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Inside Out: Surprising Stories, Familiar Places

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 Inside Out - North West : Monday September 20, 2004

IN THE MONEY

The first winning Premium Bond
Bonds have created winners since 1957
PREMIUM BONDS FACTS

If your dreams of becoming rich are fuelled by that chance of hitting the lottery jackpot, or choosing the right number on the roulette wheel, it seems you may be backing the wrong horse.

It seems it's ERNIE you should be following, in the form of Premium Bonds, if the record number of investors are anything to go by.

Condemned by the church and dubbed a "squalid raffle" by then opposition chancellor Harold Wilson, June 1, 1957 saw the first ever winning Premium Bonds draw.

The country was hit with "Bond fever", and it wasn't caused by 007.

Let the good times roll

During 1950s Britain, people were looking for some luck. The aftermath of World War II left many families having to rebuild not just their homes, but also their lives.

An escape from the everyday difficulties of life was having a little flutter. Football pools grew in popularity, as did Premium Bonds.

Jack Armitage
Jack Armitage was involved in the first Premium Bond prize draw

Jack Armitage, a post office engineer, remembers the first Premium Bond draw.

"We all held our breath to see if it'd work, which of course it did," he said.

It may have worked, but it wasn't a quick encounter.

After 15 minutes a winner was announced, but it took 10 days to carry out the rest of the first draw.

However, time was of no importance to the thousands who became hooked on the low risk "gambling" of Premium Bonds and the country was full of people queuing at their local post offices, waiting to buy their £1 Bonds.

ERNIE enters the picture

ERNIE fact file

ERNIE stands for Electronic Random Number Indicator Equipment

The first ERNIE built in 1956 was the size of a small van, yet at the time was state of the art

ERNIE is not linked to a network so cannot be hacked

The latest ERNIE (version 4) produces one million winning numbers an hour, three times faster than ERNIE 3, 15 times faster than ERNIE 2 and 500 times faster than ERNIE 1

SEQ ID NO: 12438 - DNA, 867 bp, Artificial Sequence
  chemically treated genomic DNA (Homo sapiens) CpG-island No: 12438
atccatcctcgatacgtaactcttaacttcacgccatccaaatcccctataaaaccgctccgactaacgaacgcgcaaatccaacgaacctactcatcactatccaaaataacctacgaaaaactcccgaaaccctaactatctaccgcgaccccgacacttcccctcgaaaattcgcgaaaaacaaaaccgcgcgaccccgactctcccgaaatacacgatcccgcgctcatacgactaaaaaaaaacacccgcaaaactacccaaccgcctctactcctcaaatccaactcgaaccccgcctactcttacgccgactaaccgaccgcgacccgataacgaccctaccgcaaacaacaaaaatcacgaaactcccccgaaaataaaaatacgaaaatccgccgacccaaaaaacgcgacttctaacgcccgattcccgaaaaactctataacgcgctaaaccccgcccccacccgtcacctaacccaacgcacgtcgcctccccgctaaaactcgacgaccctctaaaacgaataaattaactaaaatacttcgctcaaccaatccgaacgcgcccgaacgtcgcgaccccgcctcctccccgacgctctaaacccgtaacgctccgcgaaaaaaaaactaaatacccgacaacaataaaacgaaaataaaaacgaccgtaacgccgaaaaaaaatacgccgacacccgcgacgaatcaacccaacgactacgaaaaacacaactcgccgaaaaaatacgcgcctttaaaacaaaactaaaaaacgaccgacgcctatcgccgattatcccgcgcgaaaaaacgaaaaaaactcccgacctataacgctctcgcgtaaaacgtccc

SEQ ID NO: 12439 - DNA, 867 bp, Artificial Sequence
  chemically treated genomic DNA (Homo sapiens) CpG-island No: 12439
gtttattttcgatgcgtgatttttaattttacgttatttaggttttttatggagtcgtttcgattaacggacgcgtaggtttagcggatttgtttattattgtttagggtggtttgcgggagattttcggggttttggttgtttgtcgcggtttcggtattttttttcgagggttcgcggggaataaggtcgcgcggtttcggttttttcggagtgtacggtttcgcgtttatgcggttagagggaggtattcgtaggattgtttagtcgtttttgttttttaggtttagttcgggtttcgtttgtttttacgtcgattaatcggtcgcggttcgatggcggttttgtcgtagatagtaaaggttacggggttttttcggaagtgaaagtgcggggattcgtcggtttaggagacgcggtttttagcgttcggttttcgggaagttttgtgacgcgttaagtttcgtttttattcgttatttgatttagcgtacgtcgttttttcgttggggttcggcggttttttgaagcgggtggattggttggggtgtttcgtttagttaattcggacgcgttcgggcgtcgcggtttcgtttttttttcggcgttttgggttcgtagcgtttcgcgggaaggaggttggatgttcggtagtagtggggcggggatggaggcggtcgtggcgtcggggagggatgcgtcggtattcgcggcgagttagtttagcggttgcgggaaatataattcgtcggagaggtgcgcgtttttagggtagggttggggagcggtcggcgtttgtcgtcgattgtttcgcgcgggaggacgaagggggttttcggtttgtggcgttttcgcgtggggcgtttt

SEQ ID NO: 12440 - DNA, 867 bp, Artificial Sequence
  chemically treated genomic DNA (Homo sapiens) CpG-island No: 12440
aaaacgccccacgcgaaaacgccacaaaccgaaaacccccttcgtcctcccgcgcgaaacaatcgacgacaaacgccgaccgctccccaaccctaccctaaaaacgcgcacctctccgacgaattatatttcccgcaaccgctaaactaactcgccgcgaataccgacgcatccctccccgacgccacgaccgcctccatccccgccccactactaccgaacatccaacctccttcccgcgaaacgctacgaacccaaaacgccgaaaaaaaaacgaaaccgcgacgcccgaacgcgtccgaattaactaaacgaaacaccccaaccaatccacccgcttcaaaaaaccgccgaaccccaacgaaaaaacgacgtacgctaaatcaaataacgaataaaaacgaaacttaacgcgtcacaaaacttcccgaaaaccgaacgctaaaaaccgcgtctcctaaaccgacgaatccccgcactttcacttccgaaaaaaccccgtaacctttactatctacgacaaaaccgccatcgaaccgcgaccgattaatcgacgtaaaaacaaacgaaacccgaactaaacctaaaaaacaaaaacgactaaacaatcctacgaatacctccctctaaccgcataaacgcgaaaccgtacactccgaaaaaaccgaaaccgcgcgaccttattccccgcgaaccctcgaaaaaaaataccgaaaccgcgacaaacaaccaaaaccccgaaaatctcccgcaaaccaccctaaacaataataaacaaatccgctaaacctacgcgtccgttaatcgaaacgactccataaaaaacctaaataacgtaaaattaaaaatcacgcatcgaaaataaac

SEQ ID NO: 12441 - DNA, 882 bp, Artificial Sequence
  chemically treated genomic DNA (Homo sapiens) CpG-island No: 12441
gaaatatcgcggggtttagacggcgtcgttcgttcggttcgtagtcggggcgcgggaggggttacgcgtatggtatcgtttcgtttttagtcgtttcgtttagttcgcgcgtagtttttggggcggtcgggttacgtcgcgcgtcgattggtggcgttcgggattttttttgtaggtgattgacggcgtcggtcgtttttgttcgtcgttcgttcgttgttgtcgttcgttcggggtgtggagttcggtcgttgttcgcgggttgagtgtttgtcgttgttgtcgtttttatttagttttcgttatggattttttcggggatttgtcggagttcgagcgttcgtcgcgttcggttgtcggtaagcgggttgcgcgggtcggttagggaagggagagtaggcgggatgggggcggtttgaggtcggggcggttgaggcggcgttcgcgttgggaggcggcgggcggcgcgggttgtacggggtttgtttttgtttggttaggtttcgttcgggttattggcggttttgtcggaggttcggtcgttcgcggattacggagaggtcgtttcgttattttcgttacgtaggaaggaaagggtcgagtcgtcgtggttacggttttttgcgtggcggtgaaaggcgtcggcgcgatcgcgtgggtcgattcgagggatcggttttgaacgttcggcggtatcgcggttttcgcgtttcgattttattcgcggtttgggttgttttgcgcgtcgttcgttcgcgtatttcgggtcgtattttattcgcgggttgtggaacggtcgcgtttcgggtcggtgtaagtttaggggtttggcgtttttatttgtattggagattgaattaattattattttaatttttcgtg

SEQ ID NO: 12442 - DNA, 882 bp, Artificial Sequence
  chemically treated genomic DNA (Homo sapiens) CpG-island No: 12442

If the original ERNIE was used today it would take 52 days to complete the draw

After the first prize draw ERNIE became the name stuck to everyone's lips.

ERNIE could make you a fortune, or leave you wishing - until the next prize draw at least.

ERNIE was built in 1956 to select the random numbers that would match the Premium Bonds.

If ERNIE's number matched your Premium Bond, you were a winner.

Jack Armitage was there when ERNIE was being built.

"We met all the boffins who were going to build the machine," he said.

"We thought at first it was going to be an electronic switch machine with units but it turned out to be totally electronic.

"The man behind it all was Tom Flowers who had built the Colossus machine at Bletchley Park," he remembered.

"They'd gone to see him because they knew he had the technology already existing.

"The output part of the machine was a direct copy of the circuits in Colossus, which was the world's first computer," Jack said.

"We weren't to find out that Tom Flowers and his Colossus had broken the FISH code until the late 1970s."

Celebrity Status

Since his birth in 1956, ERNIE has become something of a national treasure, attracting coach parties of visitors.

ERNIE
ERNIE decided the fate of all Premium Bond holders

ERNIE 2 came out in 1973, followed by ERNIE 3 in 1988 and August 2004 saw the launch of ERNIE 4.

Over the years it seems punters have become more and more fixated on the mechanical monster if ERNIE's mailbag is anything to go by.

Stuart Pilkington, the Prize Draw Supervisor commented, "These are genuine cards. ERNIE's been going for 40 years, he's an institution.

"People think they might get some extra luck by sending him a card but as you and I know, it won't do any good at all," he said.

Jumping on the bandwagon